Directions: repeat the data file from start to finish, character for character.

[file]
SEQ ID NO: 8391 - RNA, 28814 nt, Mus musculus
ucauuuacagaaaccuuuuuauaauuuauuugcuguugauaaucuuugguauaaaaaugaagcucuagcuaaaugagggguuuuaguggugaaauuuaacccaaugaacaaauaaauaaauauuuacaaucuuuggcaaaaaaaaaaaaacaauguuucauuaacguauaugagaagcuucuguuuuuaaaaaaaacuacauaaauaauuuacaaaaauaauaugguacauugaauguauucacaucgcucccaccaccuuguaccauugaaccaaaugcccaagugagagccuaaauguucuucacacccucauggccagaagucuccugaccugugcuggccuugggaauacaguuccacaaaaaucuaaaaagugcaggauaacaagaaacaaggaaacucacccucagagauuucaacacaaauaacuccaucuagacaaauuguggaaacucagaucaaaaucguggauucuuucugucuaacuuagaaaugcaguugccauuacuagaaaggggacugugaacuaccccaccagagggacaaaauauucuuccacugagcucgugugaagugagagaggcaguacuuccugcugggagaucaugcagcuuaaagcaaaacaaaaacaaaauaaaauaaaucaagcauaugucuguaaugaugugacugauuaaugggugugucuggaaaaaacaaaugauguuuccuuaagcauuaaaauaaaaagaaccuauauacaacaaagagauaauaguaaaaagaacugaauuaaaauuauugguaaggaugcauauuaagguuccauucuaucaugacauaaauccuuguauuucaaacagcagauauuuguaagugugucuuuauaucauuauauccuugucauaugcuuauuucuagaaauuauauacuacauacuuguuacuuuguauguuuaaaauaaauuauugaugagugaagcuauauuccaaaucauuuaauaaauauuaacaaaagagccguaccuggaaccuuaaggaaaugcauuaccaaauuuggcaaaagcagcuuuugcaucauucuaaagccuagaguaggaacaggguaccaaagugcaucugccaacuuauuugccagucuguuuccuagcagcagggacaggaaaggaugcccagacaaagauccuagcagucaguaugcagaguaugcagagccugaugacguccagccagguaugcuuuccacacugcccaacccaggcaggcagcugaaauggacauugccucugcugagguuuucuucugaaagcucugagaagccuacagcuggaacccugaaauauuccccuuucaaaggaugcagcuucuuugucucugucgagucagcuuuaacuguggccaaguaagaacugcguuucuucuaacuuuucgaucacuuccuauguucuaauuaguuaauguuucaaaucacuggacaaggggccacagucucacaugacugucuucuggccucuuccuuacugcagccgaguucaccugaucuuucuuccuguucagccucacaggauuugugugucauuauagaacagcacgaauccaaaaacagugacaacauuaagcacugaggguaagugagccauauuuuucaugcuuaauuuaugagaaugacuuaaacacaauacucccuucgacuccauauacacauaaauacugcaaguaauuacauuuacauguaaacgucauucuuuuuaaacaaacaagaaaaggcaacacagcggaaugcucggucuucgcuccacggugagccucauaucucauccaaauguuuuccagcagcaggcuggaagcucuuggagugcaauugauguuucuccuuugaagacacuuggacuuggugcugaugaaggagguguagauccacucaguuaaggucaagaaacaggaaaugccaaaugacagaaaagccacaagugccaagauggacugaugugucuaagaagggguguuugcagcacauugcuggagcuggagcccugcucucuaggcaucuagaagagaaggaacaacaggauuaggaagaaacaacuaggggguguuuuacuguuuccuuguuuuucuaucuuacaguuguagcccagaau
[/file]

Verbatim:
SEQ ID NO: 8391 - RNA, 28814 nt, Mus musculus
ucauuuacagaaaccuuuuuauaauuuauuugcuguugauaaucuuugguauaaaaaugaagcucuagcuaaaugagggguuuuaguggugaaauuuaacccaaugaacaaauaaauaaauauuuacaaucuuuggcaaaaaaaaaaaaacaauguuucauuaacguauaugagaagcuucuguuuuuaaaaaaaacuacauaaauaauuuacaaaaauaauaugguacauugaauguauucacaucgcucccaccaccuuguaccauugaaccaaaugcccaagugagagccuaaauguucuucacacccucauggccagaagucuccugaccugugcuggccuugggaauacaguuccacaaaaaucuaaaaagugcaggauaacaagaaacaaggaaacucacccucagagauuucaacacaaauaacuccaucuagacaaauuguggaaacucagaucaaaaucguggauucuuucugucuaacuuagaaaugcaguugccauuacuagaaaggggacugugaacuaccccaccagagggacaaaauauucuuccacugagcucgugugaagugagagaggcaguacuuccugcugggagaucaugcagcuuaaagcaaaacaaaaacaaaauaaaauaaaucaagcauaugucuguaaugaugugacugauuaaugggugugucuggaaaaaacaaaugauguuuccuuaagcauuaaaauaaaaagaaccuauauacaacaaagagauaauaguaaaaagaacugaauuaaaauuauugguaaggaugcauauuaagguuccauucuaucaugacauaaauccuuguauuucaaacagcagauauuuguaagugugucuuuauaucauuauauccuugucauaugcuuauuucuagaaauuauauacuacauacuuguuacuuuguauguuuaaaauaaauuauugaugagugaagcuauauuccaaaucauuuaauaaauauuaacaaaagagccguaccuggaaccuuaaggaaaugcauuaccaaauuuggcaaaagcagcuuuugcaucauucuaaagccuagaguaggaacaggguaccaaagugcaucugccaacuuauuugccagucuguuuccuagcagcagggacaggaaaggaugcccagacaaagauccuagcagucaguaugcagaguaugcagagccugaugacguccagccagguaugcuuuccacacugcccaacccaggcaggcagcugaaauggacauugccucugcugagguuuucuucugaaagcucugagaagccuacagcuggaacccugaaauauuccccuuucaaaggaugcagcuucuuugucucugucgagucagcuuuaacuguggccaaguaagaacugcguuucuucuaacuuuucgaucacuuccuauguucuaauuaguuaauguuucaaaucacuggacaaggggccacagucucacaugacugucuucuggccucuuccuuacugcagccgaguucaccugaucuuucuuccuguucagccucacaggauuugugugucauuauagaacagcacgaauccaaaaacagugacaacauuaagcacugaggguaagugagccauauuuuucaugcuuaauuuaugagaaugacuuaaacacaauacucccuucgacuccauauacacauaaauacugcaaguaauuacauuuacauguaaacgucauucuuuuuaaacaaacaagaaaaggcaacacagcggaaugcucggucuucgcuccacggugagccucauaucucauccaaauguuuuccagcagcaggcuggaagcucuuggagugcaauugauguuucuccuuugaagacacuuggacuuggugcugaugaaggagguguagauccacucaguuaaggucaagaaacaggaaaugccaaaugacagaaaagccacaagugccaagauggacugaugugucuaagaagggguguuugcagcacauugcuggagcuggagcccugcucucuaggcaucuagaagagaaggaacaacaggauuaggaagaaacaacuaggggguguuuuacuguuuccuuguuuuucuaucuuacaguuguagcccagaau